(AgProfessional) China plans to revamp the scheme it uses to allocate quotas for agricultural imports, as part of efforts to stamp out corruption and to rein in record state grain stockpiles, according to government and industry sources.

The low-tariff quotas, which are sanctioned under China's membership of the World Trade Organization, are allocated to state-owned and private firms in the world's top grain consumer.

With Chinese grain prices among the highest in the world, these import allocations have become a cash cow for well-connected companies. ...continue reading

Harvest progress was slowed this past week due to freezing temperatures and snow. Many analysts believe the acres left unharvested could remain in the field until spring. Although most farmers were able to complete their harvest, a significant amount of fall tillage and fertilization was not completed due to the ground freezing early. The inability to complete all of the post-harvest field work could negatively impact yields in 2015.

The USDA estimated the corn harvested at 94%, a 5% increase from last week and 2% above of the five-year average. Of the top five corn producing states, Illinois had the most corn harvested at 97%, followed by Iowa, Minnesota, and Nebraska, all at 96%. ...continue reading

A slight boost in grain prices helped improve the outlook for the rural economy and farmland prices. The Rural Mainstreet Index (RMI) and the farmland price index both reported month-to-month increases for the first time since May. Despite the improvement, bankers still believe that farmland prices and farm implements sales are declining. Farm income is still expected to be lower than last year and grain prices, though improved, continue to struggle under the weight of the expected record production. ...continue reading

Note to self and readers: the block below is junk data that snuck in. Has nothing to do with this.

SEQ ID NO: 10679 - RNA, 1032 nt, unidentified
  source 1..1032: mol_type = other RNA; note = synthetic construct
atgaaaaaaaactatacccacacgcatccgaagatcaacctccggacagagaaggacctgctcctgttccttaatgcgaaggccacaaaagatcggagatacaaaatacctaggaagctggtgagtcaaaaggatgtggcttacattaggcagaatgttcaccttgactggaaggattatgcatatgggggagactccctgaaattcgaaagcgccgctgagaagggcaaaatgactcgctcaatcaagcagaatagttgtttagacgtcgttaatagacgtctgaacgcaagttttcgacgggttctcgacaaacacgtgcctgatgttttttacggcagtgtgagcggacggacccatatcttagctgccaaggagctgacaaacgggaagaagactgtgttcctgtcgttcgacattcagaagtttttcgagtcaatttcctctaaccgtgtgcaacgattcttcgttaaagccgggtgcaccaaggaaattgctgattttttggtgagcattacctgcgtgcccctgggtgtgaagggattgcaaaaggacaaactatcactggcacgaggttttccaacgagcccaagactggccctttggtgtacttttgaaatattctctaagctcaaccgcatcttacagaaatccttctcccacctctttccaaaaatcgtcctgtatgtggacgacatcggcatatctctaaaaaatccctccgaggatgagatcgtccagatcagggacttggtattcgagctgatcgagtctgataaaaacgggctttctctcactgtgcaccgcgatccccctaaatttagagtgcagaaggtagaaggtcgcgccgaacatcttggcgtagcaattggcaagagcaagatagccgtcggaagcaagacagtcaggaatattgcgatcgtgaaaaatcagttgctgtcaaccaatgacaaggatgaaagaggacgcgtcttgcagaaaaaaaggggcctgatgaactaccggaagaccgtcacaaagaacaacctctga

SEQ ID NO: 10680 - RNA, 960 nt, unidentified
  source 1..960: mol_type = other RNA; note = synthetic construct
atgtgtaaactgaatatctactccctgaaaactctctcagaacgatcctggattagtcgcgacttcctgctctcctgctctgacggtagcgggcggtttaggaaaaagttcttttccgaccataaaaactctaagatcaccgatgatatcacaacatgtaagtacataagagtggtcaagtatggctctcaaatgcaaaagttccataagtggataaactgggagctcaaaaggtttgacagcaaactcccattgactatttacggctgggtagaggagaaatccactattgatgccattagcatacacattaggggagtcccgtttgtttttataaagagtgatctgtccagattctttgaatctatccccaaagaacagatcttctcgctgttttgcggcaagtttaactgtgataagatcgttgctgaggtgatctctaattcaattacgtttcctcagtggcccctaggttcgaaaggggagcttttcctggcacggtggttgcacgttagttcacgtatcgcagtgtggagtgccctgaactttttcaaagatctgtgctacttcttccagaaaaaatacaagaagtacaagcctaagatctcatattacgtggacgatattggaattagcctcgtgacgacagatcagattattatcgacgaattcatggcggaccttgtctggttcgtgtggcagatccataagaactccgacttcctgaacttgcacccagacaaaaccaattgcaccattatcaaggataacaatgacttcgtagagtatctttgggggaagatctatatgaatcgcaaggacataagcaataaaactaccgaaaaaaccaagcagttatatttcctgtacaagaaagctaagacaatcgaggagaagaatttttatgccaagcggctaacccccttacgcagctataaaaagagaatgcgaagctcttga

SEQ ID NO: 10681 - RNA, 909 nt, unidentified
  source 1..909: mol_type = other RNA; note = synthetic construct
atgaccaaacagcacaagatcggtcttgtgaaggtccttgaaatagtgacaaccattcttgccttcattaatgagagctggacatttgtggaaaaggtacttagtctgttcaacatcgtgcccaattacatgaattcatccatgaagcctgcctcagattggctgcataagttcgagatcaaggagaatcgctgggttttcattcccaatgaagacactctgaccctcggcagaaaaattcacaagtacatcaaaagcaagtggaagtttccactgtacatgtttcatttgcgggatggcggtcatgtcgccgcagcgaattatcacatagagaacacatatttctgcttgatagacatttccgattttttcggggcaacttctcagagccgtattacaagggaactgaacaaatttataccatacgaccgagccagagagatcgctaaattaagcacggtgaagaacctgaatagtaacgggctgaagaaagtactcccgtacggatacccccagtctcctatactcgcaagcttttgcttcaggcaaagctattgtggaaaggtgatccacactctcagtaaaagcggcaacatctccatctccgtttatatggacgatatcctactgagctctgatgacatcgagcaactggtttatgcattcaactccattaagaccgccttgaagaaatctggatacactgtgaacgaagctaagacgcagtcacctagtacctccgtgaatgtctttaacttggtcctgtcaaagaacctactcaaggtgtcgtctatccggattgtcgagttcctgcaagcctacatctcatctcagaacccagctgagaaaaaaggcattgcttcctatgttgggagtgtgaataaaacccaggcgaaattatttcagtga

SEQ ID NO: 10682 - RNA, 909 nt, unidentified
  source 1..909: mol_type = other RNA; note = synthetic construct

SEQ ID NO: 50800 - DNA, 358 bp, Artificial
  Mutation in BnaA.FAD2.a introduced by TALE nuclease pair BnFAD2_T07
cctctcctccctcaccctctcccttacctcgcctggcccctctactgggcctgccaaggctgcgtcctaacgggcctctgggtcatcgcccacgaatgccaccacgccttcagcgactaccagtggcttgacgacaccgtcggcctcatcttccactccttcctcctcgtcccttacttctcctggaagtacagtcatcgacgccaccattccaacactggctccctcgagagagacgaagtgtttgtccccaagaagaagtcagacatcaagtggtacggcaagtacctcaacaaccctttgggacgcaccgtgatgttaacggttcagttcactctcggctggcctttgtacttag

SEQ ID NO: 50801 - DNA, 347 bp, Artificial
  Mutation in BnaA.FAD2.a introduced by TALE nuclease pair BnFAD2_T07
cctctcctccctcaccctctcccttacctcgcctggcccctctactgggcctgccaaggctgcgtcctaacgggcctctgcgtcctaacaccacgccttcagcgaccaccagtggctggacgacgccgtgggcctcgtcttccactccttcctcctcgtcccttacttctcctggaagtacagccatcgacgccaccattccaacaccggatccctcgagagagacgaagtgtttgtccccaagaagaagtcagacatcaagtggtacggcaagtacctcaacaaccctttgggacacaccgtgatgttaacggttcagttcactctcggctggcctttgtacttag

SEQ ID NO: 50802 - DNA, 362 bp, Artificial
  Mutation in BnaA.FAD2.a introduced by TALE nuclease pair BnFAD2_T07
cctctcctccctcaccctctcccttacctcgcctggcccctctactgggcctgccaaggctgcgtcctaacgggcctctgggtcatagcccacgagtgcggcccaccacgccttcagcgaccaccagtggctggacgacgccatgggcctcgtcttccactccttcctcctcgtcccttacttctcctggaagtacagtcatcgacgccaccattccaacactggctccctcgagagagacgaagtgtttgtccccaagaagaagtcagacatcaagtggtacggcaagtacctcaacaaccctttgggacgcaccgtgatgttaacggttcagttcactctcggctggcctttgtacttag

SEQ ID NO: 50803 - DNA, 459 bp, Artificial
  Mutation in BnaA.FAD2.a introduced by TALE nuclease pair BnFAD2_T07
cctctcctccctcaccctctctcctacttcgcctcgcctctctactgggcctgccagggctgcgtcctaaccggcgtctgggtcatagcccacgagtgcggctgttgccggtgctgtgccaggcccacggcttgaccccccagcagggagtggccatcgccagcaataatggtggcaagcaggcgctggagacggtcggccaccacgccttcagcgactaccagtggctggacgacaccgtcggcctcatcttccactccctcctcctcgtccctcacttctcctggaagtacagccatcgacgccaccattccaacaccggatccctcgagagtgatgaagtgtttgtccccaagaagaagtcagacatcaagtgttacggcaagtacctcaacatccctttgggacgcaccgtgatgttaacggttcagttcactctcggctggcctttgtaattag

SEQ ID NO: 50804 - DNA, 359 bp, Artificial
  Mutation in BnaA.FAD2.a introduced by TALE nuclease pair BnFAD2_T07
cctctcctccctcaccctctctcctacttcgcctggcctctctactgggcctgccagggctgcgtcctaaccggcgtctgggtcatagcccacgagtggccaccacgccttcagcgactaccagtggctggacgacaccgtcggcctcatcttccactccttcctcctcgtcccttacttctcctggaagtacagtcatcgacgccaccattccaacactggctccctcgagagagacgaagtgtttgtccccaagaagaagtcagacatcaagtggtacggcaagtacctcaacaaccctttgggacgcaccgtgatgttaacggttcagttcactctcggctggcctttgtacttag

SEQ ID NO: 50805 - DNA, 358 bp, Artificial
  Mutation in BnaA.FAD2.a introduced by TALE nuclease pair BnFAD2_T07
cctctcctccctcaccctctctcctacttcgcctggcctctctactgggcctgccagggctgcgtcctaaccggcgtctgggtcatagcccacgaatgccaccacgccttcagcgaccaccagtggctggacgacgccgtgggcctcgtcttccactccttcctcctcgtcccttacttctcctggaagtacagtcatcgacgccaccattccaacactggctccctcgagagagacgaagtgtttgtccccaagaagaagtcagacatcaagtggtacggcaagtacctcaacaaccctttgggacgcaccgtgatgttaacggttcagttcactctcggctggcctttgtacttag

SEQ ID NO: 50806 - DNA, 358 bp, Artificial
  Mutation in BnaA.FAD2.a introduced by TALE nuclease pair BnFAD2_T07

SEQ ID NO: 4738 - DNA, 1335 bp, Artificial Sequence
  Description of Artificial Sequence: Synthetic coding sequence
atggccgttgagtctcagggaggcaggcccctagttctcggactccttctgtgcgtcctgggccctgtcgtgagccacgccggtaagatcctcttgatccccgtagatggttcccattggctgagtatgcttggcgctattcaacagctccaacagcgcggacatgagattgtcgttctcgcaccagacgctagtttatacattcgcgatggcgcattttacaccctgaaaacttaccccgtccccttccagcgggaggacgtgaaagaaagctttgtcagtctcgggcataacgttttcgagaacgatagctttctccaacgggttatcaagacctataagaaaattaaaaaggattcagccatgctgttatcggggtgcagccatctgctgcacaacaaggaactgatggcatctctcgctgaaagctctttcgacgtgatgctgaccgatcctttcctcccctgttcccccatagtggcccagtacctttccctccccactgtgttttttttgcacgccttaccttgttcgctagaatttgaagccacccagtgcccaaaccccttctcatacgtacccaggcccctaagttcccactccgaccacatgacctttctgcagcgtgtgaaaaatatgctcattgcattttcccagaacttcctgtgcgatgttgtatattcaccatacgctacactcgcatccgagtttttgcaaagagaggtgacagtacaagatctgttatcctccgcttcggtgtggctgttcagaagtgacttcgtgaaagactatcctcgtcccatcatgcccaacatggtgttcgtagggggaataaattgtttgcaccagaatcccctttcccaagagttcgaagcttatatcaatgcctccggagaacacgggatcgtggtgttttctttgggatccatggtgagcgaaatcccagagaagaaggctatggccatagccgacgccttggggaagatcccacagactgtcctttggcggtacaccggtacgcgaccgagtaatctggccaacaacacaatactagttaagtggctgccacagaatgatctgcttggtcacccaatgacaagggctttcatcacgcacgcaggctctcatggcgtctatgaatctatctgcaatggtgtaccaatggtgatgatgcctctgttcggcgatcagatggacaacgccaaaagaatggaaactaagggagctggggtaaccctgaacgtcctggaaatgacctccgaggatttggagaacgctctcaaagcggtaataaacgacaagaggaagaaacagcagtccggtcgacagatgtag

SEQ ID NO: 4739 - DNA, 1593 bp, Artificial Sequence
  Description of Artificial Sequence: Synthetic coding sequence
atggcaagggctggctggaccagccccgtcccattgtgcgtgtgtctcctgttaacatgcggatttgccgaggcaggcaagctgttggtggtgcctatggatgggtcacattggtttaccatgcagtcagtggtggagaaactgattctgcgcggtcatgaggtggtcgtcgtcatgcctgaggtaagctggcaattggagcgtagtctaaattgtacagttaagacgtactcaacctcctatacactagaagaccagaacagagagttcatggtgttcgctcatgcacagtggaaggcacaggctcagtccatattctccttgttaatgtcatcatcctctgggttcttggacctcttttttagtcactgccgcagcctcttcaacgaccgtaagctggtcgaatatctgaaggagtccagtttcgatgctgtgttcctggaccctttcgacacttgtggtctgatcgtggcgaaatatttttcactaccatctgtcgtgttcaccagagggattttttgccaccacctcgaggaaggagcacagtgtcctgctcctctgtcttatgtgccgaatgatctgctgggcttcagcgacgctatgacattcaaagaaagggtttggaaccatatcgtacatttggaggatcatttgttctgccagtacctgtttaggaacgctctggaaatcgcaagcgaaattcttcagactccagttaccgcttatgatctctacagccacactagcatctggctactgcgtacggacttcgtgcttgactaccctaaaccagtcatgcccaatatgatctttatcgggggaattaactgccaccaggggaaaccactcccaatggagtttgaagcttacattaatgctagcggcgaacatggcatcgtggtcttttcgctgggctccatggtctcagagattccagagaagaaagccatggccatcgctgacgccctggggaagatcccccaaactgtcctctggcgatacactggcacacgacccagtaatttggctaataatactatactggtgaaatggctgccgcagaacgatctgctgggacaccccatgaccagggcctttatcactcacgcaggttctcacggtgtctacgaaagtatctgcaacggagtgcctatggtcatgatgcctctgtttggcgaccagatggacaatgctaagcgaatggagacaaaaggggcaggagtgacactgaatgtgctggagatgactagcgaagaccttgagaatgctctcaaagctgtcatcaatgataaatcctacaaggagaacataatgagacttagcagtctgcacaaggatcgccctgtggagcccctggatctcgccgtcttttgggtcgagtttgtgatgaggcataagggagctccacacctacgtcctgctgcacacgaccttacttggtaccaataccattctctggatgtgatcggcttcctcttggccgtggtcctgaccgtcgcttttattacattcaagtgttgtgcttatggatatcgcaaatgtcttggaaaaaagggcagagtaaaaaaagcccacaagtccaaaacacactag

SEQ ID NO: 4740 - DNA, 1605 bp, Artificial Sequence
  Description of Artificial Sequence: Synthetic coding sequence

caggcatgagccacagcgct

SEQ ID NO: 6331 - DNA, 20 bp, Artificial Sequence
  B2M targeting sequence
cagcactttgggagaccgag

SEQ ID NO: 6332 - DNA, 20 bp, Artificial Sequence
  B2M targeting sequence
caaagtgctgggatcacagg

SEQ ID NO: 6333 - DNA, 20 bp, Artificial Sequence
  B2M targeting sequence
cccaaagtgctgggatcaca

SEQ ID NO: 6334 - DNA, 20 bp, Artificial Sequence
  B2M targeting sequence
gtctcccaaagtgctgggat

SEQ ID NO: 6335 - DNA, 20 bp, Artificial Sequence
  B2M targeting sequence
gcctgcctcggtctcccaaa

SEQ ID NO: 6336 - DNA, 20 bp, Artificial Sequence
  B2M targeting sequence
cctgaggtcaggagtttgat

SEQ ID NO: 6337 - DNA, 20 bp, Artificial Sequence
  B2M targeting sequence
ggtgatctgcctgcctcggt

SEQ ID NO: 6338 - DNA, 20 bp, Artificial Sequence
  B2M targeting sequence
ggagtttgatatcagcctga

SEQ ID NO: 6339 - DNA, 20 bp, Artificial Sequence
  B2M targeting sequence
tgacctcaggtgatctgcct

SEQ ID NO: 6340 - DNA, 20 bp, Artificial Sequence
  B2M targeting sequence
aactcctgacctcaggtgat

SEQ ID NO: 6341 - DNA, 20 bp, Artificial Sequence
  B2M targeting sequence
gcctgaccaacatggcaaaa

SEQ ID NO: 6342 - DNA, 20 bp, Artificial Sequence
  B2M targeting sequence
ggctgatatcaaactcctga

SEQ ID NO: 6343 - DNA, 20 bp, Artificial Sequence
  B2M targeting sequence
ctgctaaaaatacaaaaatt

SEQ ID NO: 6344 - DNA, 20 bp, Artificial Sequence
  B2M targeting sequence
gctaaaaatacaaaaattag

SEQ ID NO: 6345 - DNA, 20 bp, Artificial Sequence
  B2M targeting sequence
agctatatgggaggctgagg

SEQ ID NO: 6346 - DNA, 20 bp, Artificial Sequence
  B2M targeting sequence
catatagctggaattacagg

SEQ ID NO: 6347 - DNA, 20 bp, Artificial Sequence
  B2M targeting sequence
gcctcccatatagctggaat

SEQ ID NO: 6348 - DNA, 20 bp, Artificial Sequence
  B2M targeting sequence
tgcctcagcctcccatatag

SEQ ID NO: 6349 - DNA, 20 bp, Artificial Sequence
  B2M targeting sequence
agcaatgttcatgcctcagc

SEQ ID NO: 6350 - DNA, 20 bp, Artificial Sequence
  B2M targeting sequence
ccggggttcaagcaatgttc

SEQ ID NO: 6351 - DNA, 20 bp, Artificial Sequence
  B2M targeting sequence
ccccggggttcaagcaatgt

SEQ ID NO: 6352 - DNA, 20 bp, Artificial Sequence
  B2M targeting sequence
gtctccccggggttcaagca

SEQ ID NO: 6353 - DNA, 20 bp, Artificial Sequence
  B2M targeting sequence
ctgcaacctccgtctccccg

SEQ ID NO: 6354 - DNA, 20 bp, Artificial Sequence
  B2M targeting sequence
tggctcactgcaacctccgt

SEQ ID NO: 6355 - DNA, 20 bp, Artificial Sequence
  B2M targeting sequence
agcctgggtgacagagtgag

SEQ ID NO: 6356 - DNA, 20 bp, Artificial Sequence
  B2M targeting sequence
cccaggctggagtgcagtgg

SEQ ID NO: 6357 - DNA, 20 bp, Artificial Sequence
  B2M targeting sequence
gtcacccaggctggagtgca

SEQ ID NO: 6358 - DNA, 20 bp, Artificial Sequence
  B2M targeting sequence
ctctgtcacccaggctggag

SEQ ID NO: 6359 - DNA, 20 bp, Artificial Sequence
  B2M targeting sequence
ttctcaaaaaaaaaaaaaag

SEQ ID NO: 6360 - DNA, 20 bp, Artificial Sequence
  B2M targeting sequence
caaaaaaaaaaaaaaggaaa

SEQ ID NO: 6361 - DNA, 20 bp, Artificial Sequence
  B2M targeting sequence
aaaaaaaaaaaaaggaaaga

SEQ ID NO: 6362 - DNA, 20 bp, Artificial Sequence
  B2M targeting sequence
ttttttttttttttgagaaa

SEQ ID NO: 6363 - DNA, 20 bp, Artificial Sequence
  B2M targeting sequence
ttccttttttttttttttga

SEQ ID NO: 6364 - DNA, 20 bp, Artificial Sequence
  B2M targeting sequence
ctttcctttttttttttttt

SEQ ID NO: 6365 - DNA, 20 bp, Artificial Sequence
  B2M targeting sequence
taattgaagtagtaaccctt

The USDA has estimated that roughly 1.6 billion bushels of corn may be left unharvested after an early snowfall kept farmers out of their fields. If that estimate is accurate, over 10% of the USDA’s expected corn production for 2014/15 could remain in fields until next spring. Farmers in southern areas of the Corn Belt remain confident that they will be able to continue harvesting despite the snow. Farmers in the northern Corn Belt are not as confident, with many not expecting to pick up harvest again until the spring

The picture below is from one of our readers in North Central Iowa harvesting corn in the snow last week. He said that most farmers in his area were lucky enough to get all of their crops harvested, but many were not able to complete all of their fall tillage and fertilization.

POW 11-20-14 (640x360)

Remember, we are always looking for agricultural pictures from anywhere in the world. Submit your picture to farmlandforecast@colvin-co.com


Soybeans continue to set new records marking the third consecutive week of exports exceeding 2,000,000 metric tons (MT), the first such occasion in U.S. history. China continues to be the largest recipient, receiving more than 78% of the soybeans exported. Corn exports declined to a 2014/15 marketing year low. Corn sales rebounded to their highest level in a month, soybean and wheat sales declined.

The USDA has estimated that roughly 1.6 billion bushels of corn may be left unharvested after an early snowfall kept farmers out of the fields. If that estimate is accurate, over 10% of the USDA’s expected corn production for 2014/15 could remain in fields until next spring. ...continue reading